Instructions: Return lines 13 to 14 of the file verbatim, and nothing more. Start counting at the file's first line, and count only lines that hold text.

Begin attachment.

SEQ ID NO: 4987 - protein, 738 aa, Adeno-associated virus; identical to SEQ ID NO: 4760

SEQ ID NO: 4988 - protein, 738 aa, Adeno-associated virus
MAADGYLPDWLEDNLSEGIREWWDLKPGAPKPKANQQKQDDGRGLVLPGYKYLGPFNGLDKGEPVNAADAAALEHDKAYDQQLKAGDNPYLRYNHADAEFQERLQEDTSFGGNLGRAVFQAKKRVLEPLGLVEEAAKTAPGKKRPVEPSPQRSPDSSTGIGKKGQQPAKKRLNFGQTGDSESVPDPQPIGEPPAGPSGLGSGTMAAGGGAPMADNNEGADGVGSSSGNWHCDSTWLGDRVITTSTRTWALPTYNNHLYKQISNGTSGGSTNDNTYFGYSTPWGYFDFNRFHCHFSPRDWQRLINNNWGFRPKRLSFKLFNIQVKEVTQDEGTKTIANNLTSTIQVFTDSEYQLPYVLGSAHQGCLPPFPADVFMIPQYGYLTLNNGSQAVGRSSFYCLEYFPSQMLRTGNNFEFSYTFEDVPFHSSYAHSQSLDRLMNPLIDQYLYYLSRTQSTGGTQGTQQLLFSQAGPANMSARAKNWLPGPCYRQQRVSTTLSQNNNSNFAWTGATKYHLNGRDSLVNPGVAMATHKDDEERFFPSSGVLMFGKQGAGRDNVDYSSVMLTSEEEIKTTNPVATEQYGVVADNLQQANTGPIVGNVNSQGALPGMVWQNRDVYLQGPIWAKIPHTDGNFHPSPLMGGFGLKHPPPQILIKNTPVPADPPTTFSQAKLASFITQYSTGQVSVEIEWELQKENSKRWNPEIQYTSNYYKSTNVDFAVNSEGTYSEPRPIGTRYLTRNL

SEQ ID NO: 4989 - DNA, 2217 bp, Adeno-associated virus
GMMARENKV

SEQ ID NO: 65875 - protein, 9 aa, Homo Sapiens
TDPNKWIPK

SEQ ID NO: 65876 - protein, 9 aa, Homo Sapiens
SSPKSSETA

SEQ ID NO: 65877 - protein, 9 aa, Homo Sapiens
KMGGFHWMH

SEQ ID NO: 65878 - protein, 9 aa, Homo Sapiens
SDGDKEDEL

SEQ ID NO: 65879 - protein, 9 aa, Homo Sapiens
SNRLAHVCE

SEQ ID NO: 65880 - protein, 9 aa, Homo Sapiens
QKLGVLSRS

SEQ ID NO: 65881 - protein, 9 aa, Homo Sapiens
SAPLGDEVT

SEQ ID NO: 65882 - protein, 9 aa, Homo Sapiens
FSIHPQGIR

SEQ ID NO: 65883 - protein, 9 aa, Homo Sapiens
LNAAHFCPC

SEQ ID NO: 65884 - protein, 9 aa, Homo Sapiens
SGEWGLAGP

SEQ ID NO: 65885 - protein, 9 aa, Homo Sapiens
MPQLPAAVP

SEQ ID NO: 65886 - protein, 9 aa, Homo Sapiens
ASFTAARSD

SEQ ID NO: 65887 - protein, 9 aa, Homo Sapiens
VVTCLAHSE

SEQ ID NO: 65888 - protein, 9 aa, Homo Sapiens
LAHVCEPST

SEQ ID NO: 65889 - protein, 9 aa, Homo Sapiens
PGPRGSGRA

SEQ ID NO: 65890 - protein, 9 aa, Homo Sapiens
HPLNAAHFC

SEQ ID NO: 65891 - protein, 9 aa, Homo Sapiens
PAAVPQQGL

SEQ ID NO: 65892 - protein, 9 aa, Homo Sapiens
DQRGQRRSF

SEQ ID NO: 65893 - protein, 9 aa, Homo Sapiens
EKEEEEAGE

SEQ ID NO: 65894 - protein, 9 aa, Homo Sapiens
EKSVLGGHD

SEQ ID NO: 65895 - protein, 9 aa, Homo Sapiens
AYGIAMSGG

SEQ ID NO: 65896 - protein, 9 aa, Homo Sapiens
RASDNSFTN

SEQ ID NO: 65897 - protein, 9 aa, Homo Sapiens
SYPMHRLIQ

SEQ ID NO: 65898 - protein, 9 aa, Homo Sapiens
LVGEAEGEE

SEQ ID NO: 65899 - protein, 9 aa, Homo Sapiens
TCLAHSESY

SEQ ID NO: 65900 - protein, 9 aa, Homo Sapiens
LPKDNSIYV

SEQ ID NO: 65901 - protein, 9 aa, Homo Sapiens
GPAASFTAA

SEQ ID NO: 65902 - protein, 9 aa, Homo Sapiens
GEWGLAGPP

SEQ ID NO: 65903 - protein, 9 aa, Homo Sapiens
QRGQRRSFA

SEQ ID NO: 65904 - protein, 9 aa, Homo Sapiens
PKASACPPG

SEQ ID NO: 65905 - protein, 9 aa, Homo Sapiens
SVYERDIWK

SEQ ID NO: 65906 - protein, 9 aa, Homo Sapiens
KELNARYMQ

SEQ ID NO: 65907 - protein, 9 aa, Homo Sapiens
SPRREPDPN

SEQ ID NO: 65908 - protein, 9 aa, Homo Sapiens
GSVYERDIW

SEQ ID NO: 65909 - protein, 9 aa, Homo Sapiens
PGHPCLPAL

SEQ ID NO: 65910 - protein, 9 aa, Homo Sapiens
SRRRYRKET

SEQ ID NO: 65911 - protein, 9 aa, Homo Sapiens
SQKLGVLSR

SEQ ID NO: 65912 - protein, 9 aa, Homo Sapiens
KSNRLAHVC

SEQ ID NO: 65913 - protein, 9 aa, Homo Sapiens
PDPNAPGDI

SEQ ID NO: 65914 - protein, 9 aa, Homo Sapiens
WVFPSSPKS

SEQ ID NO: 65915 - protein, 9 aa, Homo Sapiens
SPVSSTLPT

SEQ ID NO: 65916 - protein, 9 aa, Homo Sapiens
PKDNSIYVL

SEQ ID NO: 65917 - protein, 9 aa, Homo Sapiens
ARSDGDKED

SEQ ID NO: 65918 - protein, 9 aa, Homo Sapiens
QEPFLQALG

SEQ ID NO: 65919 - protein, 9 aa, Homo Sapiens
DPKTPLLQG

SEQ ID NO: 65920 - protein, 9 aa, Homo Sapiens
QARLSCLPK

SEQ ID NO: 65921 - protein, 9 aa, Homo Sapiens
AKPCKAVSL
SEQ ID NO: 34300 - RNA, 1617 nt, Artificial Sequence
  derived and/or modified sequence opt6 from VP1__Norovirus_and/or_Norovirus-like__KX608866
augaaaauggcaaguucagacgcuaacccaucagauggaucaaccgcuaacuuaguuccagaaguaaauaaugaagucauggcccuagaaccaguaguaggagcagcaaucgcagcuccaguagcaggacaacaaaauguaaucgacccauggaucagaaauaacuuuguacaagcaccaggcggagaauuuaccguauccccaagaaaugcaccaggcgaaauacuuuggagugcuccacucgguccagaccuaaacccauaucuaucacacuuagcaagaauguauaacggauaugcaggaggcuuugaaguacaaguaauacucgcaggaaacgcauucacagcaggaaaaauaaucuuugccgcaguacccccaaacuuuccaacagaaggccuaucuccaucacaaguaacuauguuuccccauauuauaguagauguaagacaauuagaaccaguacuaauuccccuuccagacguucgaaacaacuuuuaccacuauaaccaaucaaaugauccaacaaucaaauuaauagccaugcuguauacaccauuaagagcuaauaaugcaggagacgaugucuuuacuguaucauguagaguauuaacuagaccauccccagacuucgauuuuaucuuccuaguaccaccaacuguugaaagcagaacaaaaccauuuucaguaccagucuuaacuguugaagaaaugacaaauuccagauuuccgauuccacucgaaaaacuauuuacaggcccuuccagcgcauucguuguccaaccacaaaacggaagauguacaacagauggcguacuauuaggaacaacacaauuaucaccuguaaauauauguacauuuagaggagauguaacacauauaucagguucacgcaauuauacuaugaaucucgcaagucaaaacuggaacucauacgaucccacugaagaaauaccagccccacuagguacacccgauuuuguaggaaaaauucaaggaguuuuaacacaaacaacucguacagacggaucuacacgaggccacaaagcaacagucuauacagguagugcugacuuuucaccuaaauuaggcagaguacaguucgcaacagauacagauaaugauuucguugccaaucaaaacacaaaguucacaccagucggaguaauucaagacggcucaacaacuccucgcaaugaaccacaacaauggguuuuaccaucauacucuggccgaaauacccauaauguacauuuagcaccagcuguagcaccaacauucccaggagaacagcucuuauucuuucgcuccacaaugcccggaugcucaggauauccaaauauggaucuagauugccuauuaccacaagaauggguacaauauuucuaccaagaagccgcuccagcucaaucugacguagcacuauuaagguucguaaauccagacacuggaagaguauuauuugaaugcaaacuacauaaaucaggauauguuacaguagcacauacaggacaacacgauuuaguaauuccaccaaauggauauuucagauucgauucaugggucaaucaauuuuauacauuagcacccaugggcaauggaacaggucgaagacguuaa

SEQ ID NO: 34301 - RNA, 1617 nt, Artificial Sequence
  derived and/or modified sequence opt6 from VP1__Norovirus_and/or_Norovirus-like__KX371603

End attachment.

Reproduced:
SDGDKEDEL

SEQ ID NO: 65879 - protein, 9 aa, Homo Sapiens